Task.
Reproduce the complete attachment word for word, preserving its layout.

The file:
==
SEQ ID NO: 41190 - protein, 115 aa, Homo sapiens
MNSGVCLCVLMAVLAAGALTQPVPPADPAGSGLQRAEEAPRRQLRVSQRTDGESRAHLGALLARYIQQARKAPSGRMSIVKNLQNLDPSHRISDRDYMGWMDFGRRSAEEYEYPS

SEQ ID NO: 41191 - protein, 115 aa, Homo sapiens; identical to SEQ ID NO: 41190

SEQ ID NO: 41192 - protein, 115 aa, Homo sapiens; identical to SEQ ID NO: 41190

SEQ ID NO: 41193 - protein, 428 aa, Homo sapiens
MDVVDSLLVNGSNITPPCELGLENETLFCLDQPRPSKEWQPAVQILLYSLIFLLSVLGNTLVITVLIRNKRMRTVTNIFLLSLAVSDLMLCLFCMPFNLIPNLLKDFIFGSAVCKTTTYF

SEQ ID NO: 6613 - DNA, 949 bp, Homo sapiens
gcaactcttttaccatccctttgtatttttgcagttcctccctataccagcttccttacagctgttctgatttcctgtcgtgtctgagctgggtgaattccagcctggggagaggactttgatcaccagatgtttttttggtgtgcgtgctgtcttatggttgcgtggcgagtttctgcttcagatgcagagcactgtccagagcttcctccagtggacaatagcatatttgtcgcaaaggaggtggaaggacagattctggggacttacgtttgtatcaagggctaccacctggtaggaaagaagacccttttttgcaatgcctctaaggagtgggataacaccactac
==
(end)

SEQ ID NO: 41190 - protein, 115 aa, Homo sapiens
MNSGVCLCVLMAVLAAGALTQPVPPADPAGSGLQRAEEAPRRQLRVSQRTDGESRAHLGALLARYIQQARKAPSGRMSIVKNLQNLDPSHRISDRDYMGWMDFGRRSAEEYEYPS

SEQ ID NO: 41191 - protein, 115 aa, Homo sapiens; identical to SEQ ID NO: 41190

SEQ ID NO: 41192 - protein, 115 aa, Homo sapiens; identical to SEQ ID NO: 41190

SEQ ID NO: 41193 - protein, 428 aa, Homo sapiens
MDVVDSLLVNGSNITPPCELGLENETLFCLDQPRPSKEWQPAVQILLYSLIFLLSVLGNTLVITVLIRNKRMRTVTNIFLLSLAVSDLMLCLFCMPFNLIPNLLKDFIFGSAVCKTTTYF

SEQ ID NO: 6613 - DNA, 949 bp, Homo sapiens
gcaactcttttaccatccctttgtatttttgcagttcctccctataccagcttccttacagctgttctgatttcctgtcgtgtctgagctgggtgaattccagcctggggagaggactttgatcaccagatgtttttttggtgtgcgtgctgtcttatggttgcgtggcgagtttctgcttcagatgcagagcactgtccagagcttcctccagtggacaatagcatatttgtcgcaaaggaggtggaaggacagattctggggacttacgtttgtatcaagggctaccacctggtaggaaagaagacccttttttgcaatgcctctaaggagtgggataacaccactac